Without information, no reconciliation

Balkan activists support detained ex-ICTY spokeswoman

1 min 31Approximate reading time

A hundred Balkan rights groups, journalists and activists declared their support Monday for a former prosecutorial spokeswoman at the Yugoslav war crimes court after she was detained by the tribunal.

French national Florence Hartmann was sentenced on appeal to seven days in prison in 2009 after writing a book containing confidential court details, and on Thursday she was dramatically grabbed at the court entrance in The Hague.

Since her detention, which came as she was trying to attend the landmark verdict for wartime Bosnian Serb leader Radovan Karadzic, Hartmann has been held under "suicide watch conditions", her lawyer said at the weekend.

"Civil society representatives from the region of the former Yugoslavia hereby voice their support for Florence Hartmann and her uncompromising struggle for truth," said Monday's letter with 100 signatories.

It said Hartmann was sentenced "because of exposing and countering the practice of concealing documents in order to protect the interests of some states".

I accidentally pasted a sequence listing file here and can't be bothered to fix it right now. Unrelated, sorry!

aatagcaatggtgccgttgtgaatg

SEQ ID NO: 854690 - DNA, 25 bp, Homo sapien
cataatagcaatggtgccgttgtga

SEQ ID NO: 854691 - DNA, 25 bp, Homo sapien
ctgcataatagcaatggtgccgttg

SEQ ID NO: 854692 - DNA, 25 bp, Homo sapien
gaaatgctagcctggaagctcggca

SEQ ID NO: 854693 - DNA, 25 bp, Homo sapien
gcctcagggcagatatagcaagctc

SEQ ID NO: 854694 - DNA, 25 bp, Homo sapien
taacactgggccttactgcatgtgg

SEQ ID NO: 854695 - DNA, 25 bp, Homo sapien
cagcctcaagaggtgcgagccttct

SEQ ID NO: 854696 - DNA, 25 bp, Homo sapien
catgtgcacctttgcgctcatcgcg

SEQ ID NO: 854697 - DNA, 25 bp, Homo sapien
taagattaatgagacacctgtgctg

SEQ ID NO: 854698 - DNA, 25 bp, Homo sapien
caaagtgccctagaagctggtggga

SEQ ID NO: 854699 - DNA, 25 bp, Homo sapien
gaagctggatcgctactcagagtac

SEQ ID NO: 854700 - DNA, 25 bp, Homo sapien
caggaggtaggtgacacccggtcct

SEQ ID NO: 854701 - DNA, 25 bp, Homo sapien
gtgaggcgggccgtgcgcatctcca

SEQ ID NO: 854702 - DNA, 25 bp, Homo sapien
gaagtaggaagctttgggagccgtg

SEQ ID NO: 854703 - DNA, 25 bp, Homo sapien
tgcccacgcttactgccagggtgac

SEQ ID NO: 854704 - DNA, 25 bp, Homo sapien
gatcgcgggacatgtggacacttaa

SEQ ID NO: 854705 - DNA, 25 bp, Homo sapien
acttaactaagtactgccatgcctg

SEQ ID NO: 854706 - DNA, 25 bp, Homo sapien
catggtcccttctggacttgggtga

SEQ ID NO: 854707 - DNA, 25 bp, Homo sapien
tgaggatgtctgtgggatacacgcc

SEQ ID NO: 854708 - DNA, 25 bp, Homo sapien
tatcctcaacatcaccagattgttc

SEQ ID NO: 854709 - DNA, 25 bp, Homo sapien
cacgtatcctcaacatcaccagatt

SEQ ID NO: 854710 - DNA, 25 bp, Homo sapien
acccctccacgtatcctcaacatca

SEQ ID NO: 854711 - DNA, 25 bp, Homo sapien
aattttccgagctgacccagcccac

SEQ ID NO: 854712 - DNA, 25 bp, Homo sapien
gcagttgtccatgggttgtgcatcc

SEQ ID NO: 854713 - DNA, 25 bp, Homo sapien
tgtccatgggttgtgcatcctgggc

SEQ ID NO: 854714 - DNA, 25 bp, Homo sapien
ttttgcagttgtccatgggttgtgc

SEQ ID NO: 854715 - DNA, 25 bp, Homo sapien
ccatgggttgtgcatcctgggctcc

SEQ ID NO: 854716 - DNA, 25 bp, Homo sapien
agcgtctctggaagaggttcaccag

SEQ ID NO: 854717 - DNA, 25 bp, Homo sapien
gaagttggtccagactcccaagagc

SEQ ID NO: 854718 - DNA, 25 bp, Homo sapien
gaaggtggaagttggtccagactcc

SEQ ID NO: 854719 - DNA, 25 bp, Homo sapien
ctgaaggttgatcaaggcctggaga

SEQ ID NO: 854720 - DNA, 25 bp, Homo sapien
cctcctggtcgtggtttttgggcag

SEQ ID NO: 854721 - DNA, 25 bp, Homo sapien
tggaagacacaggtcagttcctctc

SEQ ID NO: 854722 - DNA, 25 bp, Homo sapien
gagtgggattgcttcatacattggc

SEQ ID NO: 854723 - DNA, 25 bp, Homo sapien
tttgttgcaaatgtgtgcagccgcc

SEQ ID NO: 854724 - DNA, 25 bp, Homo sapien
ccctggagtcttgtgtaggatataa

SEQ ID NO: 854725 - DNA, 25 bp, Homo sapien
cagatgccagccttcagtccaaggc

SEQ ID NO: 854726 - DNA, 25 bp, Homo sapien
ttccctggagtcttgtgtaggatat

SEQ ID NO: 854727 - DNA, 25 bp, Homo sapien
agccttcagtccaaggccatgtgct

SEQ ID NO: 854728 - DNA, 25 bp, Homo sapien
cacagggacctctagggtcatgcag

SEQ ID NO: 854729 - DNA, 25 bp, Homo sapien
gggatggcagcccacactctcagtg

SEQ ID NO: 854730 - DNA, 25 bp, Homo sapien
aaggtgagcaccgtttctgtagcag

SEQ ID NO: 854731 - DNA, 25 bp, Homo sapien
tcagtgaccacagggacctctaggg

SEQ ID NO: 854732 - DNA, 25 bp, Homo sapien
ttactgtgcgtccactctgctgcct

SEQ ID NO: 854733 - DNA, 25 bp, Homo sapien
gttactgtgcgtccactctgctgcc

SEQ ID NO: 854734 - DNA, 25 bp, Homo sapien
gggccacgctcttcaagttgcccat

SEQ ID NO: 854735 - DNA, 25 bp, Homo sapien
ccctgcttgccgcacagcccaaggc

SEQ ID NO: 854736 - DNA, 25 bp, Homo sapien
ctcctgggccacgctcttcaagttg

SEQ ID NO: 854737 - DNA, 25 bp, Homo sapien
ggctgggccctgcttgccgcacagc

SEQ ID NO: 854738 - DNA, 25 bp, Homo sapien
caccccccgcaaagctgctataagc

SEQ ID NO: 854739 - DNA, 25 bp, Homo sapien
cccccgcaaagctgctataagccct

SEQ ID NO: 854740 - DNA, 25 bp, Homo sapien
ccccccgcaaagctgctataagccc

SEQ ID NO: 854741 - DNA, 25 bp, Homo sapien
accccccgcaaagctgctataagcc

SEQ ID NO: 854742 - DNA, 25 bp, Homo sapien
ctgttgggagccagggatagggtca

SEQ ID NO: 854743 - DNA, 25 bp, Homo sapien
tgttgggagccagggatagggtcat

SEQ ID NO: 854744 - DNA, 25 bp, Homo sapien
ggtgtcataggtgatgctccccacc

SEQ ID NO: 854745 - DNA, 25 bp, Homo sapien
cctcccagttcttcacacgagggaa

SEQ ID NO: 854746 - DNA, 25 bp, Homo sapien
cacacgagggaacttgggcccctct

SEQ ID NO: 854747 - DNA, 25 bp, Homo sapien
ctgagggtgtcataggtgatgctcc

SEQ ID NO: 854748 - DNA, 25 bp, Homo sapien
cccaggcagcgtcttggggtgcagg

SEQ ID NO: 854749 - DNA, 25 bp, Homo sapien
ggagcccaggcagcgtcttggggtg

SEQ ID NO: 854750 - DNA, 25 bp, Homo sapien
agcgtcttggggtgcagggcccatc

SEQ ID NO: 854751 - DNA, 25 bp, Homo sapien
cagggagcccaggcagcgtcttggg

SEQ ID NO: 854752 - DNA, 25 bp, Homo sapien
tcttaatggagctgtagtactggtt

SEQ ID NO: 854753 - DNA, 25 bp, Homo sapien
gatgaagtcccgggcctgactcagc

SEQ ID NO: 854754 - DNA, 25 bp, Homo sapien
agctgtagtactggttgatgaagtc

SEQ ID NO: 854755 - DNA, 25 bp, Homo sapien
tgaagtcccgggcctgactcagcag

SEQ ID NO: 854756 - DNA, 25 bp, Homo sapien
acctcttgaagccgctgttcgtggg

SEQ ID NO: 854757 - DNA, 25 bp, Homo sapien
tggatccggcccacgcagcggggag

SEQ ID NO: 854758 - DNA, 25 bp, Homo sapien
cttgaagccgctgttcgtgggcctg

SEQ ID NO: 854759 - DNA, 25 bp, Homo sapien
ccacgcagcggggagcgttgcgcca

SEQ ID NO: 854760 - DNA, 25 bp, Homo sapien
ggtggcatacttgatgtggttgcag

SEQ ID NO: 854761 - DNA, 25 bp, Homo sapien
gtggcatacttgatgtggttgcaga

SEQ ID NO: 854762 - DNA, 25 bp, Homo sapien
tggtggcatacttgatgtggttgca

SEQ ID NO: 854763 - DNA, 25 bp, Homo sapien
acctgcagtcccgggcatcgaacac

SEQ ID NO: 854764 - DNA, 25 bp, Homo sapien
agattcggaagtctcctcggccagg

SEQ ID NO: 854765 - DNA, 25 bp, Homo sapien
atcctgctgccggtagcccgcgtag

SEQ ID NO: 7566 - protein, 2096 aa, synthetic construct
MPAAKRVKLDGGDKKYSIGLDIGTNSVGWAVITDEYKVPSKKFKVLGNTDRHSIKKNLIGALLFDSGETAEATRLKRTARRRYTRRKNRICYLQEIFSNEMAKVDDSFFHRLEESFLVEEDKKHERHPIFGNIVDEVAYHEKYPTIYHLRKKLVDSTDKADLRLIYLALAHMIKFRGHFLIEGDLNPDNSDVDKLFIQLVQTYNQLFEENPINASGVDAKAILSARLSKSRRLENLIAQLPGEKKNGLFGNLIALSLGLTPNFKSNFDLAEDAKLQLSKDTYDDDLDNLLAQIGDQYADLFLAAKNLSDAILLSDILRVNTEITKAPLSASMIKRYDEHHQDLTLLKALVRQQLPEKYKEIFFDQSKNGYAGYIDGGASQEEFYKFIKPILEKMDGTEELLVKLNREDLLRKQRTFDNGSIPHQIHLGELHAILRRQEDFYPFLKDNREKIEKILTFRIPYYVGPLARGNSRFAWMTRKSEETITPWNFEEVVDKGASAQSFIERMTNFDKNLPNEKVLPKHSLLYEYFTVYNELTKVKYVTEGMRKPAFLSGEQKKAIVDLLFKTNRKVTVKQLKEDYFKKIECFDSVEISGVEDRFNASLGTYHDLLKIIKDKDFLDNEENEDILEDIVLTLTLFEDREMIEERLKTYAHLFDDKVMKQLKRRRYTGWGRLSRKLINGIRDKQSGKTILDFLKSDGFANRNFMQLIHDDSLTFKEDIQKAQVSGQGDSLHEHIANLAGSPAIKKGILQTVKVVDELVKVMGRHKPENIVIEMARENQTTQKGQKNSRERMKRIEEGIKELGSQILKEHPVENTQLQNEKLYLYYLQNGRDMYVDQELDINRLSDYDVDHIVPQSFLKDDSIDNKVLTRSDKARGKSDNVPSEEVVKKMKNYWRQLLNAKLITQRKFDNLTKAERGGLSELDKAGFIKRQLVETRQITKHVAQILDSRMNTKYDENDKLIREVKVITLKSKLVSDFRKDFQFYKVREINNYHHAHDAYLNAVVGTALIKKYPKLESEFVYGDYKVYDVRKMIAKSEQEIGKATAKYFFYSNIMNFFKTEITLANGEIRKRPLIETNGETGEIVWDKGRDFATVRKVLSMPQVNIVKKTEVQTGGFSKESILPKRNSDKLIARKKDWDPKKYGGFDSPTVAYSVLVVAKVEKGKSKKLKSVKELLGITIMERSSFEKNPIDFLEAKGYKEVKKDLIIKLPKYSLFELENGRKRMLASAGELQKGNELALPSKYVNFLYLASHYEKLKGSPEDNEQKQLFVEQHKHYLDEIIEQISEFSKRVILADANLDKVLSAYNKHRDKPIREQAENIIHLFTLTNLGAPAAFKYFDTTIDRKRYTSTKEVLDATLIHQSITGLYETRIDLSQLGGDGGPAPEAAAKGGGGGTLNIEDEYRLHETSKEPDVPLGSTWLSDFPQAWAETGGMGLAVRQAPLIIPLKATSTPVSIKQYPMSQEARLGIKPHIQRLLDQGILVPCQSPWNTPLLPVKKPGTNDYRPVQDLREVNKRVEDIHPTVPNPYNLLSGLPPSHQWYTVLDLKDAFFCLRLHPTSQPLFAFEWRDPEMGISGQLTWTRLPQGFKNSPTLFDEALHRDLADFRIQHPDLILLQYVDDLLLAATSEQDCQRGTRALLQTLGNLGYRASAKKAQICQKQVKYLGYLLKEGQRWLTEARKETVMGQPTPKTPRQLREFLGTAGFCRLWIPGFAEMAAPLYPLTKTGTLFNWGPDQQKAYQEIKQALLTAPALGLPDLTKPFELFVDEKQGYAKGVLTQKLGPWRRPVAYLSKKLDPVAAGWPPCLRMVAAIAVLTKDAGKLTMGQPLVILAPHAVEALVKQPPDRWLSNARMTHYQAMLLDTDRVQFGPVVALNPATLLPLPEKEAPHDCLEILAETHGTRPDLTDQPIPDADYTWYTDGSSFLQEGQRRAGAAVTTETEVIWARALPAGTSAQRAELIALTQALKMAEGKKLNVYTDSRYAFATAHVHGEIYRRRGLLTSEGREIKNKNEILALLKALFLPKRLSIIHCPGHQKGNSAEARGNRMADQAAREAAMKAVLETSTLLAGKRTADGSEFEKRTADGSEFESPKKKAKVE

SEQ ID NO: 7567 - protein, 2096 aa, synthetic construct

Hartmann, a former Balkans correspondent for French daily Le Monde, was detained by UN guards in front of the International Criminal Tribunal for the former Yugoslavia's (ICTY), where she once worked as the prosecutor's spokeswoman between 2000-2006.

She was prosecuted in 2007 for revealing details of two confidential appeals chamber decisions in a book published that year.

The data, which emerged during the trial of late Serbian strongman Slobodan Milosevic, allegedly implicated the Serbian state in the 1995 Srebrenica massacre of almost 8,000 Muslim men and boys in Bosnia.

Hartmann was initially fined 7,000 euros ($7,800) for contempt and in 2011, after she had not paid the fine, ICTY judges sentenced her to seven days in jail.

The court asked French authorities to arrest her, but they refused.

"We are profoundly convinced that what Florence Hartmann did may be contrary to the ICTY Statute but is certainly not contrary to justice. Quite the opposite," Monday's letter said.

It said the tribunal had shown "weakness" over Vojislav Seselj, a Serbian war crimes suspect who will not be present at the court this week to hear his verdict owing to alleged medical reasons.

He is however standing in parliamentary elections in April and has led anti-government protests in Belgrade.

The letter referred to Serbia's refusal to hand over Seselj and three other members of his Serbian Radical party who are accused of contempt of court.

"The Hague Tribunal used to apply the same standards to all accused persons in the past, so it should do so in this case too."

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